We're often asked how we think all this data about the police will be used. The answer is that it's being used every day, but there's a steep learning curve for finding and accessing it...that's where we come in!
Across the country, communities are reimagining public safety where they live. One of the first steps of this process is understanding what kind of work we ask police to do when we call them. Who shows up to help when people contact 911 about a mental health issue? How about a found animal, or an abandoned vehicle?
Some places publish a description of these calls somewhere on the internet. Here are some we know about.
Multiple groups researching police reform asked us to help find calls for service from Oakland, CA. They're published by the city, but the "retention schedule"—how long they stay online—is only 2 days. If you want historic data, you'd need to request it from the city and hope they keep good records. Good news: as a demo, we've published a bit of scraper code which automatically collects the data in that table every day. Now, anyone in Oakland can use this public archive for as long as we can keep it online. Here's the data.
When Milwaukee PD publishes their calls for service, they're used by law enforcement, involved residents, journalists, and other people across the state; their online records expire after just 90 minutes.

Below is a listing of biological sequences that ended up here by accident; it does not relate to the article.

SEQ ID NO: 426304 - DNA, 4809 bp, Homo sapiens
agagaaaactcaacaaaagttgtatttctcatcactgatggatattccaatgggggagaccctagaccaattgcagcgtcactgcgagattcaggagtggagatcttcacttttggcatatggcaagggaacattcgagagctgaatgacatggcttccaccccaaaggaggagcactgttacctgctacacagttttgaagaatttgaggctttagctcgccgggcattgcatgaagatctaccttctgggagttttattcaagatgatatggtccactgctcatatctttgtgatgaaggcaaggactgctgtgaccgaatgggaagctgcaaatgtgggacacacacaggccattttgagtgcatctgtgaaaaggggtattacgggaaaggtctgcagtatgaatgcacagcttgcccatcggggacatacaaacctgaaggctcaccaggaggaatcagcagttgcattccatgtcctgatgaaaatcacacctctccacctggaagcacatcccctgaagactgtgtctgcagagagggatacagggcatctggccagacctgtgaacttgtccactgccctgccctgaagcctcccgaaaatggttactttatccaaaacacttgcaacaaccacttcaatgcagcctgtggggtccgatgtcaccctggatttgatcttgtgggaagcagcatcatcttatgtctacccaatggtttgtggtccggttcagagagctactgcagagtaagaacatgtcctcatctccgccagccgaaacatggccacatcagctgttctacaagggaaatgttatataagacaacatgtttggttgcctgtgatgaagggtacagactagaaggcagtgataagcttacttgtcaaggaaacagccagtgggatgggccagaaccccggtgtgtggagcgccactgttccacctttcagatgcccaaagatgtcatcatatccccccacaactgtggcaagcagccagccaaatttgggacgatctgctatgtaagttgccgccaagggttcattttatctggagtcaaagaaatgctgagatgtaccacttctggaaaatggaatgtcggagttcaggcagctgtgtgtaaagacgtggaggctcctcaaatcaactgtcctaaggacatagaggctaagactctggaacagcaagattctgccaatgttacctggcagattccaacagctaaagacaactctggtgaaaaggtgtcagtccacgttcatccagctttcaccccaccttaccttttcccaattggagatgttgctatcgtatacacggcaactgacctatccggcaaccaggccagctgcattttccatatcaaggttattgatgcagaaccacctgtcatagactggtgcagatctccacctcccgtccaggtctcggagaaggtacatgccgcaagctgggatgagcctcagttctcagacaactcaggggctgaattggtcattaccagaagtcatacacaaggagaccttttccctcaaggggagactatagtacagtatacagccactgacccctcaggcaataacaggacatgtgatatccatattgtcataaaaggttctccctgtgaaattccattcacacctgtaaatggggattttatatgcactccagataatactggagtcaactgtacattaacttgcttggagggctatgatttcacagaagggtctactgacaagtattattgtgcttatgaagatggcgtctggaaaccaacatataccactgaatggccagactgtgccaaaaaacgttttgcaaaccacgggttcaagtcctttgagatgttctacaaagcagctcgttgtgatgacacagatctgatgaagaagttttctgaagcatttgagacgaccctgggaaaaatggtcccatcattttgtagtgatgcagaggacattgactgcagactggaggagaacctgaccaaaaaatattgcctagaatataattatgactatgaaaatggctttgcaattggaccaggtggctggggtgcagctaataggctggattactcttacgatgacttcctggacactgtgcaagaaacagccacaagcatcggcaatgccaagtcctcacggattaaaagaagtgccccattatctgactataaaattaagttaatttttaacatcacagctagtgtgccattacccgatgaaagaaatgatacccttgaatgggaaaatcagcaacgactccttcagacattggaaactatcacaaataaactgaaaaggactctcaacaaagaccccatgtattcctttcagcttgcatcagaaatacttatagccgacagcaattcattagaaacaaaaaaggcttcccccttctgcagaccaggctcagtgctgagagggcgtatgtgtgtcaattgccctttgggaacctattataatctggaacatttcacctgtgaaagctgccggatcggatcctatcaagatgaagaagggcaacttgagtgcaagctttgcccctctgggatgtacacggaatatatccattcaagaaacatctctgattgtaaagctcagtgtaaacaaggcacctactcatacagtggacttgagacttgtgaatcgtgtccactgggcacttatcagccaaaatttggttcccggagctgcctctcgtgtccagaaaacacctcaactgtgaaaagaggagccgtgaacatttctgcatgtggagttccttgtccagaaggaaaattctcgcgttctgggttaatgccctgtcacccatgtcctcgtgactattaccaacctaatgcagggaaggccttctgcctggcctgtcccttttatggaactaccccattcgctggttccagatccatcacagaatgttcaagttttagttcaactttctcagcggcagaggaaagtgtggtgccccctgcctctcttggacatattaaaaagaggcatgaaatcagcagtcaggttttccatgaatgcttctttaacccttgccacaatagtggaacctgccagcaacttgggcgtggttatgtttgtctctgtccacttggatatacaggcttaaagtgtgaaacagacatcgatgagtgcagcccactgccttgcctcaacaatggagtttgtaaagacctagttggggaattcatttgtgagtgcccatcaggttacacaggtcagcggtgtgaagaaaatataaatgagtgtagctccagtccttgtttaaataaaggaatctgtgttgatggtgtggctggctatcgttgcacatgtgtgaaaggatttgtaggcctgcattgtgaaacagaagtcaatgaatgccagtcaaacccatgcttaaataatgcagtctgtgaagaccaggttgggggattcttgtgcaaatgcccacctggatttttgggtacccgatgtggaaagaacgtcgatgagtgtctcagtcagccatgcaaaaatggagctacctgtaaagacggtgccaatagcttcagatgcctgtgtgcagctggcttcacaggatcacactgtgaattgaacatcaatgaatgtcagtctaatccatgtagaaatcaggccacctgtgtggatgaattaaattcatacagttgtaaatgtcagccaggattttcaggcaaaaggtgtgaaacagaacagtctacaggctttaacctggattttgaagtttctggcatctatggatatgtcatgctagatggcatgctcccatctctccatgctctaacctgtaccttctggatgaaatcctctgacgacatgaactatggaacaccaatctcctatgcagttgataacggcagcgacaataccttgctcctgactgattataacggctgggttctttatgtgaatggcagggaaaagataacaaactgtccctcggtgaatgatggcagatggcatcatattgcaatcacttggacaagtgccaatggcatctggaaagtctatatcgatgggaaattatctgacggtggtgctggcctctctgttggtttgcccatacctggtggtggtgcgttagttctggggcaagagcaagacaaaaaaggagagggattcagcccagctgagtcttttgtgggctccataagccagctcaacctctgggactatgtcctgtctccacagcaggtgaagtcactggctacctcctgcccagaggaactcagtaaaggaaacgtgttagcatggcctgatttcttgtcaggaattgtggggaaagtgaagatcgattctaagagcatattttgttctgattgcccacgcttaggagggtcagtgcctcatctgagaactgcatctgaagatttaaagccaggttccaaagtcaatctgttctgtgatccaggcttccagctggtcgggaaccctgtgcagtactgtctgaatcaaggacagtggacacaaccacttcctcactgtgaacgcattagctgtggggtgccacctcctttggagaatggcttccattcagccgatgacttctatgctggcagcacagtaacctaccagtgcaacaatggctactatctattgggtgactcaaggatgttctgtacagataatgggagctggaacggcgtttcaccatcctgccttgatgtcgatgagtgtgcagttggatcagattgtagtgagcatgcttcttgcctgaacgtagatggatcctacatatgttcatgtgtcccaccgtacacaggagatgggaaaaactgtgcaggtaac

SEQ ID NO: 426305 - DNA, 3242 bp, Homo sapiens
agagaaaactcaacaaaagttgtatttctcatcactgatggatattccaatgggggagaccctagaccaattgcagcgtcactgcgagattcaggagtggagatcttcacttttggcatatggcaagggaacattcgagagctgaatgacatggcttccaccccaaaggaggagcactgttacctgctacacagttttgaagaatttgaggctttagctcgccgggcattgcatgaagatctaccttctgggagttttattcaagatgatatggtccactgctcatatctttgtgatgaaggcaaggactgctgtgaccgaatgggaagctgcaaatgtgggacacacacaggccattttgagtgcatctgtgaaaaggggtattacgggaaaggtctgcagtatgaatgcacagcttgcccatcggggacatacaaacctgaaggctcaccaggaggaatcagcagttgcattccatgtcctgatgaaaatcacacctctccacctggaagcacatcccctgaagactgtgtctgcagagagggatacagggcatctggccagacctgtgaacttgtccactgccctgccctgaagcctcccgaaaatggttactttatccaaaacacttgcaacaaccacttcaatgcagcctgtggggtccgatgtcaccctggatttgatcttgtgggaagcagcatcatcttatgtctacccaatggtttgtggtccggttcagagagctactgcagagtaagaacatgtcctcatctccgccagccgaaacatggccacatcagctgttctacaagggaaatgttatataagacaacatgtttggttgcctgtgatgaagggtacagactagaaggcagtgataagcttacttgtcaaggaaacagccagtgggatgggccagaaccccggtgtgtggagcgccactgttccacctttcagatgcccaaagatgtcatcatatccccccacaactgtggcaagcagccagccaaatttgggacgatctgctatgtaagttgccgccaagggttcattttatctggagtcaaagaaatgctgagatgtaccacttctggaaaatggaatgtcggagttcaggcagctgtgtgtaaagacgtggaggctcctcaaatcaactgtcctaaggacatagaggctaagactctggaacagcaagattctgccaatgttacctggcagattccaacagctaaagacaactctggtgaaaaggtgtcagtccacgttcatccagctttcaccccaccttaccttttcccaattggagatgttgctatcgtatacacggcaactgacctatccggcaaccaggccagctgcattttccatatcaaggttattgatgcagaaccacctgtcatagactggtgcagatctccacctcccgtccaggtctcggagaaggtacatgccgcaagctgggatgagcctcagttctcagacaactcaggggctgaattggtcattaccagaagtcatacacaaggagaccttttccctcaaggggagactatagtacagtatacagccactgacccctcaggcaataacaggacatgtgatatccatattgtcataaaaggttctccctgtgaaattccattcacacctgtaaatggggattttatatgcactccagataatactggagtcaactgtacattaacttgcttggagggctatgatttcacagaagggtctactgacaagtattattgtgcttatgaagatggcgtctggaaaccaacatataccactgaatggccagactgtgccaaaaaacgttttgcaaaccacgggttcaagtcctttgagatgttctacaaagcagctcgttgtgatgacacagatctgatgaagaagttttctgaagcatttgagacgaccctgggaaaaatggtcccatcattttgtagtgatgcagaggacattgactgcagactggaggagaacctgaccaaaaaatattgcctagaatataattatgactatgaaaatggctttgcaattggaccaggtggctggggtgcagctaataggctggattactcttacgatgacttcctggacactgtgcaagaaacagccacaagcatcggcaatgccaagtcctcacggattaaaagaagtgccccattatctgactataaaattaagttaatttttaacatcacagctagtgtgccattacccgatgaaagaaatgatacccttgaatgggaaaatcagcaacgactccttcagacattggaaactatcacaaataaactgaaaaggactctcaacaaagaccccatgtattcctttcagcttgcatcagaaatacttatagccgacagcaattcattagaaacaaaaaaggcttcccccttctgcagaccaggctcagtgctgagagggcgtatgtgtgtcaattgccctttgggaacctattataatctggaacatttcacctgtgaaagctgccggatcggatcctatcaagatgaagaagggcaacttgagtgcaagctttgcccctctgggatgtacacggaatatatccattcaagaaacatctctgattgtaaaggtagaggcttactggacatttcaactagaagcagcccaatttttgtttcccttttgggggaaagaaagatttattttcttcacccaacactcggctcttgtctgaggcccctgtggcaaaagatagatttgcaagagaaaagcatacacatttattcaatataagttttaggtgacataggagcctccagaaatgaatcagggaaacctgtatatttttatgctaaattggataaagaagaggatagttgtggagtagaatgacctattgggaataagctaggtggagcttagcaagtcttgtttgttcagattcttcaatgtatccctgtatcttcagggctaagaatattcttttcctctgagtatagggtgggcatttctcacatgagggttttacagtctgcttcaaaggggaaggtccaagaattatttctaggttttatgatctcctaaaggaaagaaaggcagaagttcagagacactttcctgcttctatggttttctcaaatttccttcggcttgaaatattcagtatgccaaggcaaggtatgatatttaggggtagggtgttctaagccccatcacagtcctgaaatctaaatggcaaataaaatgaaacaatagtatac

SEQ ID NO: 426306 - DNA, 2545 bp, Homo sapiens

Releasing a scraper is great, but our little org can't cover every data source. Fortunately, passionate transparency advocates and data users are already doing this work! Our real value lies in making connections between people working with the same data so they can share strategies, efforts, and information. What are you working on? Can we help? Reply to this email!
Our grant earlier this year put us over an important threshold: we now need a financial audit! We already had a buffer for unexpected costs, This costs about $5,000–6,000, which wasn't in the budget. We have enough on hand to cover it, but what we'd really like to do is hire a part-time accountant to get us through the audit. This costs about $650 per month, and would free up our staff to focus on mission-related work (bookkeeping is not one of our strengths).
If you make a monthly donation, you'll be covering part of this rate, or one of our other monthly expenses. If enough people chip in, we can grow our staff without relying on massive donors. This is why recurring donations are so powerful: each one, however small, permanently expands our capacity.
That’s all for now. If you have questions or comments, reply to this email or find us in Discord!